nonsymbolic information sources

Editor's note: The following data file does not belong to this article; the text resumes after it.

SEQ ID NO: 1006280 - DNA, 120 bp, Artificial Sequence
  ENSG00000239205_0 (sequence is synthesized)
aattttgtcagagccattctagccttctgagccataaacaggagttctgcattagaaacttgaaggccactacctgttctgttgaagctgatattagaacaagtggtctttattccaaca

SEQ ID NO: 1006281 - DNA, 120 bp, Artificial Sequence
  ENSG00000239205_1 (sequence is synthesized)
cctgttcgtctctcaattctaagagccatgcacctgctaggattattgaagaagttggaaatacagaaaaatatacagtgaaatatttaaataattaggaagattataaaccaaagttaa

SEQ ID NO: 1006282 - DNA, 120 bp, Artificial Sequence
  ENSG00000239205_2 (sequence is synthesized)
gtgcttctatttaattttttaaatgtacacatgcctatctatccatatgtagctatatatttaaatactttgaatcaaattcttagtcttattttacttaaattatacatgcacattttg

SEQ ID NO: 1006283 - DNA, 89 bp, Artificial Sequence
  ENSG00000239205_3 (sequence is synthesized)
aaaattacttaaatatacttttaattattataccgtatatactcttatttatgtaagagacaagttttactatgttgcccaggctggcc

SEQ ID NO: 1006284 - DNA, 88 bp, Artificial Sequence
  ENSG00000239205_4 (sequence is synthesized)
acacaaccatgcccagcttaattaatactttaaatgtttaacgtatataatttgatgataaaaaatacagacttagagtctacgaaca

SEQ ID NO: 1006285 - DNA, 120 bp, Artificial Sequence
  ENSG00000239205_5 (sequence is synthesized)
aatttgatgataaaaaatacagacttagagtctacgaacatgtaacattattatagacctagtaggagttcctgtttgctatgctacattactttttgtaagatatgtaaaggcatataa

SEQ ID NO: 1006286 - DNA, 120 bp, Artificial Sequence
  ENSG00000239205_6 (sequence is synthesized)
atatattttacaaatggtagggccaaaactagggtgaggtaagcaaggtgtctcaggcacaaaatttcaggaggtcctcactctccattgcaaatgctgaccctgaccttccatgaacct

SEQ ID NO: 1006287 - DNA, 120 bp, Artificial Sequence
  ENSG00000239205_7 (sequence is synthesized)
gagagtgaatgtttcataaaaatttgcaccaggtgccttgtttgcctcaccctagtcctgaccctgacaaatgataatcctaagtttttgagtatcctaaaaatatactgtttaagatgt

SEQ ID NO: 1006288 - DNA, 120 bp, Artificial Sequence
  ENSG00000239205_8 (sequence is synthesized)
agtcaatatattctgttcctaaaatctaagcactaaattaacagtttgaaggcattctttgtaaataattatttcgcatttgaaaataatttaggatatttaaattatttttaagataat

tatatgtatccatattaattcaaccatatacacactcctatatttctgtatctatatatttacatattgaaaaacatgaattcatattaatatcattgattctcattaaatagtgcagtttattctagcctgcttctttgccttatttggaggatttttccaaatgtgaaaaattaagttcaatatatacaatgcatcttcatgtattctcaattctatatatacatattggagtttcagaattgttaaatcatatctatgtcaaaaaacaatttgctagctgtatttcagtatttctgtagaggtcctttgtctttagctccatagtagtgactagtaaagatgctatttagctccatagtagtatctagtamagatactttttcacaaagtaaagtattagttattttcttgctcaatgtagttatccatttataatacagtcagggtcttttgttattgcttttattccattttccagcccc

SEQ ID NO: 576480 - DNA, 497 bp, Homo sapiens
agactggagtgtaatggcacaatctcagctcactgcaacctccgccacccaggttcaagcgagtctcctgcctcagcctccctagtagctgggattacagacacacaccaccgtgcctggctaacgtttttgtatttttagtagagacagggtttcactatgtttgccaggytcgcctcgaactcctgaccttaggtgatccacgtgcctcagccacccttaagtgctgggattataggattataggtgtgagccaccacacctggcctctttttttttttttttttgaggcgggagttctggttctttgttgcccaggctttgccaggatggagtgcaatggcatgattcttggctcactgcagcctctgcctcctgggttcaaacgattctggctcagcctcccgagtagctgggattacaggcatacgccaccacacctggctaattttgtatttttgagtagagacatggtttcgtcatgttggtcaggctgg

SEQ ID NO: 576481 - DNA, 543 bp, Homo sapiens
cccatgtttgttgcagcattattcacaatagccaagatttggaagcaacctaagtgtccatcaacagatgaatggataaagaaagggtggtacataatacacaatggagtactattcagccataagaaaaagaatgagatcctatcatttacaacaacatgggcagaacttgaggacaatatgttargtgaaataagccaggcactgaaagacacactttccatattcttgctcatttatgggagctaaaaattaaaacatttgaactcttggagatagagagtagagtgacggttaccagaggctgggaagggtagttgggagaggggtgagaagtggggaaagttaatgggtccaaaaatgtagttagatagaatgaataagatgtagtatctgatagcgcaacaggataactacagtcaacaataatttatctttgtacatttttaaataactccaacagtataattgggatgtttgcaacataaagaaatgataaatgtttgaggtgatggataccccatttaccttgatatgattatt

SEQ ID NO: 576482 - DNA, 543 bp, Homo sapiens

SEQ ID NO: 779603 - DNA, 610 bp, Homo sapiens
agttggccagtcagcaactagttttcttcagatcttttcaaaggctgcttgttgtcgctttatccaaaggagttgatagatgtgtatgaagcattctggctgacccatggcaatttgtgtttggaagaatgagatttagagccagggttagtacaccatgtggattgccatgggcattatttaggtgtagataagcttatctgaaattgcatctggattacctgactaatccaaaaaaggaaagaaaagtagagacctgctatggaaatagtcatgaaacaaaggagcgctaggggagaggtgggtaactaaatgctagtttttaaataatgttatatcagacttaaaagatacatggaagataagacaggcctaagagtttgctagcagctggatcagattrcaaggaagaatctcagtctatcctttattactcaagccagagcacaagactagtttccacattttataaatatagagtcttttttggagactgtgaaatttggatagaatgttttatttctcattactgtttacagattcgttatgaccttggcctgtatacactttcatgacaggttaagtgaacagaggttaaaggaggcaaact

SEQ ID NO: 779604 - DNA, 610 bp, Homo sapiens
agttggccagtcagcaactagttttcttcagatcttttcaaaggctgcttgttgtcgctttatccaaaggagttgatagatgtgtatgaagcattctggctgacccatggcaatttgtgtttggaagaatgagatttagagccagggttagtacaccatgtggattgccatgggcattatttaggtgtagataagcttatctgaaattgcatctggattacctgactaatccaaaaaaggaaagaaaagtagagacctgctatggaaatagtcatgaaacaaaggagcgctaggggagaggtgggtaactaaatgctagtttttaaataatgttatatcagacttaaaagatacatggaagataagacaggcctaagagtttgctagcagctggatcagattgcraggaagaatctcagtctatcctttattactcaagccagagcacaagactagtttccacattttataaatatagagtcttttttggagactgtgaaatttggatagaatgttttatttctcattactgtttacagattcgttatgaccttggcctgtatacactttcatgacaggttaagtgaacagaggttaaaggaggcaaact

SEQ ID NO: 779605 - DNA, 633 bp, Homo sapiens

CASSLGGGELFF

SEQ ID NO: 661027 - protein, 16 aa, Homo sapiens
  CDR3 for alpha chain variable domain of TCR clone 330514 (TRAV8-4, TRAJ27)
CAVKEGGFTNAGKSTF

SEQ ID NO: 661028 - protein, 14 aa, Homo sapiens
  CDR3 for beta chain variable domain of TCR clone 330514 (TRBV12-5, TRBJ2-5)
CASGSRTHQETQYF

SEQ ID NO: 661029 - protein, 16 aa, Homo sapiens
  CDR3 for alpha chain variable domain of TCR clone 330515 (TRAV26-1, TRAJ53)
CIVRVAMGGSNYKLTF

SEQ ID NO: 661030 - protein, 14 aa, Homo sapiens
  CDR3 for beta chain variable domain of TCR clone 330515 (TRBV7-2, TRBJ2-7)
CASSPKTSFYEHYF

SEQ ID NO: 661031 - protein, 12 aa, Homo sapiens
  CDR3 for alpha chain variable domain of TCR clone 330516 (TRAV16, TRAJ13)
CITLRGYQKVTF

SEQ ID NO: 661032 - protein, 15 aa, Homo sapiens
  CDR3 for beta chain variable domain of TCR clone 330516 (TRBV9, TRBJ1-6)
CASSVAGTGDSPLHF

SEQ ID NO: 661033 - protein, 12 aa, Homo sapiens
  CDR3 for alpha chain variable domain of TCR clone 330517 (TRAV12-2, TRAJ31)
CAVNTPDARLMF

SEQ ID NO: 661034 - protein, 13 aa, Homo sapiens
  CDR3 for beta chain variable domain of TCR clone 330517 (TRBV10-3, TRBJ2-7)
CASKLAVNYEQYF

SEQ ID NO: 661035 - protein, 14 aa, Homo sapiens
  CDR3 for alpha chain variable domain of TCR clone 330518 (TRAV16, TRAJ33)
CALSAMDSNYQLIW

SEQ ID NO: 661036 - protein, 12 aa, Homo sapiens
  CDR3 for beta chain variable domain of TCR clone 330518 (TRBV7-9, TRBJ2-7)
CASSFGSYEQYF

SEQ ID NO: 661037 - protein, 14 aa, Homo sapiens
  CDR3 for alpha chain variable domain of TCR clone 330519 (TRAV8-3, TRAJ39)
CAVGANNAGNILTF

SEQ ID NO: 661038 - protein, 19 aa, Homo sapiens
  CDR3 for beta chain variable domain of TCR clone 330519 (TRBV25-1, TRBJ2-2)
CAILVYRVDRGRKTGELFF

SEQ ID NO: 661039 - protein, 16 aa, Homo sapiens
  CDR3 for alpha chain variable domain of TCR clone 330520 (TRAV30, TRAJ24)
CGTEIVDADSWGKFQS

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David Quinter The Life Story of the Buddha “Unlike genes, and other nonsymbolic information sources, which are only models for, not models of, culture patterns have an intrinsic double aspect: they give meaning, that is, objective conceptual form, to social and psychological reality both by shaping them – selves to it and by shaping it to themselves.” “The Problem of Meaning… is a matter of affirming, or at least recognizing, the ines- capability of ignorance, pain, and injustice on the human plane while simultaneously denying that these irrationalities are characteristic of the world as a whole. And it is in terms of religious symbolism, a symbolism relating man’s sphere of existence to a wider sphere within which it is conceived to rest, that both the affirmation and the denial are made.”1Key terms Hagiography: Sacred biography The Buddha (“Awakened One”): the historical Buddha (566 -486 BCE or c. 480 -400 BCE) Shakyamuni: “Sage of the Shakya clan,” referring to the historical Buddha Siddhartha (“he who has achieved his goal”): given name for the Buddha Jataka tales: Stories of the previous lives of the Buddha 5 paths of rebirth: helldwellers, restless spirits, animals, humans, and gods (+ashuras=6) karma: “action;” the moral law of cause and effect Mara: “Death,” the highest god of the realm of desire, foe of the Buddha the Bodhi tree: the tree of “awakening” or “enlightenment” The “Threefold Knowledge” attained by the Buddha: 1) memory of own previous lives 2) seeing rebirth of others according to their karma 3) recognition of the causally conditioned nature of reality The “4 Noble Truths” of: 1) Suffering (There’s a disease): all life is characterized by suffering and impermanence 2) Origin of suffering (This is the cause): craving, leads to rebirth 3) Cessation of suffering (There’s a cure): removal of craving removes suffering 4) Path leading to cessation of suffering (This is the cure): =the Eightfold Path (traditionally divided into the Three Trainings) leads to nirvana, the “cessation” of karmic consequences and rebirth The “Middle Way” teachings: between sensual indulgence and extreme asceticism between existence and non-existence The Three Trainings: morality ( shila ), meditation (samadhi), and wisdom (prajna)1 Clifford Geertz, The Interpretation of Cultures (New York: Basic Books, 1973), pp. 93, 108.

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